Why is this medication prescribed?
Lithium is used to treat people with bipolar disorder (extreme mood changes from depression or anger to elation).
This medication is sometimes prescribed for other uses; ask your doctor or pharmacist for more information.
How should this medicine be used?
Lithium comes as a tablet, capsule, extended-release (long-acting) tablet, and liquid to take by mouth. It usually is taken one to four times a day. The amount of lithium you take may need to be adjusted. Follow the directions on your prescription label carefully, and ask your doctor or pharmacist to explain any part you do not understand. Take lithium exactly as directed. Do not take more or less of it or take it more often than prescribed by your doctor.
The extended-release tablet must be swallowed whole; do not crush or chew it.
Continue to take lithium even if you feel well. Do not stop taking lithium without talking to your doctor, especially if you have taken large doses for a long time. Your doctor probably will decrease your dose gradually. This drug must be taken regularly for a few weeks before its full effect is felt.
Other uses for this medicine
Lithium also is used to treat certain blood disorders, cluster headaches, premenstrual tension, bulimia, alcoholism, syndrome of inappropriate secretion of ADH, tardive dyskinesia, hyperthyroidism, postpartum affective psychosis, and corticosteroid-induced psychosis. Talk with your doctor about the possible risks of using this drug for your condition.
What special precautions should I follow?
Before taking lithium,
- tell your doctor and pharmacist if you are allergic to lithium, aspirin, tartrazine (a yellow dye in some processed foods and drugs), or any other drugs.
- tell your doctor and pharmacist what prescription and nonprescription medications you are taking, especially acetazolamide (Diamox), caffeine-containing products, captopril (Capoten), carbamazepine (Tegretol), diuretics ('water pills'), enalapril (Vasotec), fluoxetine (Prozac), haloperidol (Haldol), heart medication, ibuprofen (Advil, Motrin, or Nuprin), iodide salts, lisinopril (Zestril), medication for depression, methyldopa (Aldomet), phenytoin (Dilantin), sodium bicarbonate and other antacids, theophylline (TheoDur), verapamil (Calan), and vitamins.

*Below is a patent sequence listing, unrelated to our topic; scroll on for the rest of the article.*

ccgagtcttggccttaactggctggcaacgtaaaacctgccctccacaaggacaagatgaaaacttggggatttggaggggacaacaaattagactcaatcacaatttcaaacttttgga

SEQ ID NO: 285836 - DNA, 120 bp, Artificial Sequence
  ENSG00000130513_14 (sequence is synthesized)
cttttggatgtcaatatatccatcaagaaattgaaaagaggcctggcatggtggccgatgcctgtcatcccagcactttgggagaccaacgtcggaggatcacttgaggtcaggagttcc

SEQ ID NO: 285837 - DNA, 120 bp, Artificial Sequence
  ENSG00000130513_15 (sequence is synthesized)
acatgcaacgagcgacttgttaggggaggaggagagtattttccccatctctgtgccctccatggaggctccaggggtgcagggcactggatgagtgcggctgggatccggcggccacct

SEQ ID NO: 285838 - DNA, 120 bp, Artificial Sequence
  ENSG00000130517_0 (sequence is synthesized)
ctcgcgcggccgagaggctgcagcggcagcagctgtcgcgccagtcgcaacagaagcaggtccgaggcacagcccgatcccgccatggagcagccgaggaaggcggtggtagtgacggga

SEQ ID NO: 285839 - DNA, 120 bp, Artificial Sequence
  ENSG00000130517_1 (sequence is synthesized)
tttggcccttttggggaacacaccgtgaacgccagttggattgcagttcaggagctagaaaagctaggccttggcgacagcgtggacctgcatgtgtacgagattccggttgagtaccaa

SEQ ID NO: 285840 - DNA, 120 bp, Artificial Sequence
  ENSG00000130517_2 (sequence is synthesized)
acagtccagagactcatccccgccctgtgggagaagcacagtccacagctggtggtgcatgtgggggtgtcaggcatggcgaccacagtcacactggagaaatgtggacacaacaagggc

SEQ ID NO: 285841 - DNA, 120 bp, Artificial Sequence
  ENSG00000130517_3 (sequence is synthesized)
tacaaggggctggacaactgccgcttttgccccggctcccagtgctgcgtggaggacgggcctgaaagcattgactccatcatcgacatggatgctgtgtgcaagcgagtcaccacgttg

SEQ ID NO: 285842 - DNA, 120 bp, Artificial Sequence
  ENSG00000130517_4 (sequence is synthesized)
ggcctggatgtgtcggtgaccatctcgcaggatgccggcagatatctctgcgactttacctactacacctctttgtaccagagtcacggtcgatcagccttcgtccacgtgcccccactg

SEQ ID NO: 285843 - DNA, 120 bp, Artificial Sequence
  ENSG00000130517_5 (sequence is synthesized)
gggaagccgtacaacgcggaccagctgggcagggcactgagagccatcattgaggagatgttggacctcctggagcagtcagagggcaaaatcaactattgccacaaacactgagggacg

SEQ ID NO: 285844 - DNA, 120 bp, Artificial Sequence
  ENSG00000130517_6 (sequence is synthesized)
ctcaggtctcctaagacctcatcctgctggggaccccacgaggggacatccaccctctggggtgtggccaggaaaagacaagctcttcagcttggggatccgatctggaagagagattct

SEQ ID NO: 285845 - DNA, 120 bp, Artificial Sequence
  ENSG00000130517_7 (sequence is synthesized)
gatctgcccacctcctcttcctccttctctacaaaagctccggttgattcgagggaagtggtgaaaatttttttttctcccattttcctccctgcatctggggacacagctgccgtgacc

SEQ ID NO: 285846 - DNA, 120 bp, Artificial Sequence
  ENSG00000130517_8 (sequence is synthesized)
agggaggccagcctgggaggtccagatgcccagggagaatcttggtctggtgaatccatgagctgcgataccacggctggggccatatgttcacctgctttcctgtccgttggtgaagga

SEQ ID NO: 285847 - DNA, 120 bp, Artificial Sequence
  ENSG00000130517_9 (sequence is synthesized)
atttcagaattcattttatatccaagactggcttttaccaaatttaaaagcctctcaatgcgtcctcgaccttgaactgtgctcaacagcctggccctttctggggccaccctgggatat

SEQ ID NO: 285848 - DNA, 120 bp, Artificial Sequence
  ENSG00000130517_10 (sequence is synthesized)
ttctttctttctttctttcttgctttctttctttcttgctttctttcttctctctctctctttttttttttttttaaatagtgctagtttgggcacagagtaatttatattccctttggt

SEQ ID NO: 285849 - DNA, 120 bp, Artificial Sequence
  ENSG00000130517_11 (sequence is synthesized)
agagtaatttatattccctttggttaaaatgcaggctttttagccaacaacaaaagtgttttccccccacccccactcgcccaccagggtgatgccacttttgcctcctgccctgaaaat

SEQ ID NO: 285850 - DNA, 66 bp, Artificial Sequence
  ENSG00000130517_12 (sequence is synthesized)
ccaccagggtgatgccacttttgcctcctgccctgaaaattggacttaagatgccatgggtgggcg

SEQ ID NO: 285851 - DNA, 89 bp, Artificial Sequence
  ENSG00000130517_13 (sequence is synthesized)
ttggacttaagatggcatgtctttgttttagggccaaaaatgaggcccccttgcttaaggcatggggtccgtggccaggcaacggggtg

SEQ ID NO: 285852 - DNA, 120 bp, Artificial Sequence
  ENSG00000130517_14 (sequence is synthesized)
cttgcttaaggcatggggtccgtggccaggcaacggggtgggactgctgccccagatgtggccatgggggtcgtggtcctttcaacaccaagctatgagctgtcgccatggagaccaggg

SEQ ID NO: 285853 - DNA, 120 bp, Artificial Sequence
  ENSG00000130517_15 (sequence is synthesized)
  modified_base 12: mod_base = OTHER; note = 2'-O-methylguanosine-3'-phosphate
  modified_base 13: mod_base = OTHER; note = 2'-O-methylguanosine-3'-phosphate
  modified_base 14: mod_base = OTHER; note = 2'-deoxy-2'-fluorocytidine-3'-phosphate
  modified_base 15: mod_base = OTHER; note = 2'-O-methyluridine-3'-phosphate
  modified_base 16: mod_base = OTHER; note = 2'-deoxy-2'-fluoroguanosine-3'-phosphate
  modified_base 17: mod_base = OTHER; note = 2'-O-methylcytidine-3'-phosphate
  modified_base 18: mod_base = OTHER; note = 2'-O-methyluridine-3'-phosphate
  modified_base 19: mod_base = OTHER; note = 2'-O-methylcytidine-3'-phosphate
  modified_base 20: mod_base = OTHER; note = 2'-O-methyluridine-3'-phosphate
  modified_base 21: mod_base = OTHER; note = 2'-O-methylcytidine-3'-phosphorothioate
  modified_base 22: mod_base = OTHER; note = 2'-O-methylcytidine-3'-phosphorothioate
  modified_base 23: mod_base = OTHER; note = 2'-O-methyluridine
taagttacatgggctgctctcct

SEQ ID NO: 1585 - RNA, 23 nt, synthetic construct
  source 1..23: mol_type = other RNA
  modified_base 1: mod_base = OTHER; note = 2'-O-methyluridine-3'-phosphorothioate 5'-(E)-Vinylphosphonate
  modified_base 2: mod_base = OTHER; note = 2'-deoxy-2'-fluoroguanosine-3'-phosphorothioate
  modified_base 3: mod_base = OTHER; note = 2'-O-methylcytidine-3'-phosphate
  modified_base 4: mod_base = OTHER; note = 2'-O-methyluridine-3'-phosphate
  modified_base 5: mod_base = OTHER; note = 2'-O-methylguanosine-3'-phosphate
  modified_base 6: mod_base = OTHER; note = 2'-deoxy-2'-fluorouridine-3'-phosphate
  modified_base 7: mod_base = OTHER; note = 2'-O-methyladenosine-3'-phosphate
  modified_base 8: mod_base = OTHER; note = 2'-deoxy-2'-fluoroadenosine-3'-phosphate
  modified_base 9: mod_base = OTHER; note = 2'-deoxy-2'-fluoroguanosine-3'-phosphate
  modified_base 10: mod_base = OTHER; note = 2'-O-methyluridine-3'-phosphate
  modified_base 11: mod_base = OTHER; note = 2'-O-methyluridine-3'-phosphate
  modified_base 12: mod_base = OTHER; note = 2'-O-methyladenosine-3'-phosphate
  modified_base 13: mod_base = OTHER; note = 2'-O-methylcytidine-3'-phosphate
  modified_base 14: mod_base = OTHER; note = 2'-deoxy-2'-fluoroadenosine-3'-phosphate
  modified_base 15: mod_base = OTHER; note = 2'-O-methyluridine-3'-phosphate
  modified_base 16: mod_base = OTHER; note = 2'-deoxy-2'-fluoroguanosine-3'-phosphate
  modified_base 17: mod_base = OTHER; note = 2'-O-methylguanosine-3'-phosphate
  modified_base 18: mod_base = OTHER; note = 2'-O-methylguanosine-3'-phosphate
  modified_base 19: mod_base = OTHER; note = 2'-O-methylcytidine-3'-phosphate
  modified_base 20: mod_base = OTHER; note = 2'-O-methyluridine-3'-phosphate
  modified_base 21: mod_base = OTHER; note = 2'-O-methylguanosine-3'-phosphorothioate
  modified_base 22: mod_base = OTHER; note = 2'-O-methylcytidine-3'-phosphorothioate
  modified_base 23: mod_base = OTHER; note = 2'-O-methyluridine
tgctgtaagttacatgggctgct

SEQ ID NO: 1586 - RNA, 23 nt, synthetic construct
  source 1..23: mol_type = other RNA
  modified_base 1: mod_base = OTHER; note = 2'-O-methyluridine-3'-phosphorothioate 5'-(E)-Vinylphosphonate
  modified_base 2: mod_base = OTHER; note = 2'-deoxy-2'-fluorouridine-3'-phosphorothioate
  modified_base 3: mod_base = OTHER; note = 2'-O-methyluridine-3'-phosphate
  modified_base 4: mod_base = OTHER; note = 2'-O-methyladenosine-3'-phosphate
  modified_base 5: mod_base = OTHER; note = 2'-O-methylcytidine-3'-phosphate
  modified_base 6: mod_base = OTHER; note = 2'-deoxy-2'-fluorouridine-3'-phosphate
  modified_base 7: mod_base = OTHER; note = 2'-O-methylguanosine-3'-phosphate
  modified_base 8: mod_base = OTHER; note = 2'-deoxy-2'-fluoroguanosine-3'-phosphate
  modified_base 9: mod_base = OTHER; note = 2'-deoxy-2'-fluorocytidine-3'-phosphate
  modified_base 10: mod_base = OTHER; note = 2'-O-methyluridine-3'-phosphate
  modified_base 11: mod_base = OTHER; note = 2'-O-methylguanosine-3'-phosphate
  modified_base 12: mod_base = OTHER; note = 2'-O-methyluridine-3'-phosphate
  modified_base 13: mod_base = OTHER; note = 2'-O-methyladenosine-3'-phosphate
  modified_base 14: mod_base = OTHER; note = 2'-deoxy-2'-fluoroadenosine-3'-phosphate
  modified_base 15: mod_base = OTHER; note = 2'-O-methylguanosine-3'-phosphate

- tell your doctor if you have or have ever had heart or kidney disease, shock therapy, thyroid disease, dehydration, or low sodium levels.
- tell your doctor if you are pregnant, plan to become pregnant, or are breast-feeding. If you become pregnant while taking lithium, call your doctor.
- if you are having surgery, including dental surgery, tell the doctor or dentist that you are taking lithium.
- you should know that this drug may make you drowsy. Do not drive a car or operate machinery until you know how this drug affects you.
- remember that alcohol can add to the drowsiness caused by this drug.
What special dietary instructions should I follow?
Lithium may cause an upset stomach. Take lithium with food or milk. Drink at least 8-12 glasses of water or another beverage each day (unless your doctor tells you otherwise) and use a moderate amount of salt on your food. However, if your doctor puts you on a low-salt or low-sodium diet, follow it. Avoid drinking beverages with caffeine, such as tea, coffee, cola, or chocolate milk.
What should I do if I forget a dose?
Do not take the missed dose as soon as you remember it. Skip it; then take your next dose at the regularly scheduled time. Do not take a double dose to make up for a missed one.
What side effects can this medication cause?
Side effects from lithium are common. Tell your doctor if any of these symptoms are severe or do not go away:
- upset stomach
- loss of appetite
- stomach bloating
- stomach pain
- weight gain
If you experience any of the following symptoms, call your doctor immediately:
- unsteady walking
- frequent urination
- flu or cold with fever
- slow, jerky movements
- seizures or convulsions
- fast, irregular, or pounding heartbeat
What storage conditions are needed for this medicine?
Keep this medication in the container it came in, tightly closed, and out of reach of children. Store it at room temperature and away from excess heat and moisture (not in the bathroom). Throw away any medication that is outdated or no longer needed. Talk to your pharmacist about the proper disposal of your medication.
In case of emergency/overdose
In case of overdose, call your local poison controlcenter at 1-800-222-1222. If the victim has collapsedor is not breathing, call local emergency services at911.
What other information should I know?
Do not let anyone else take your medication. Ask your pharmacist any questions you have about refilling your prescription.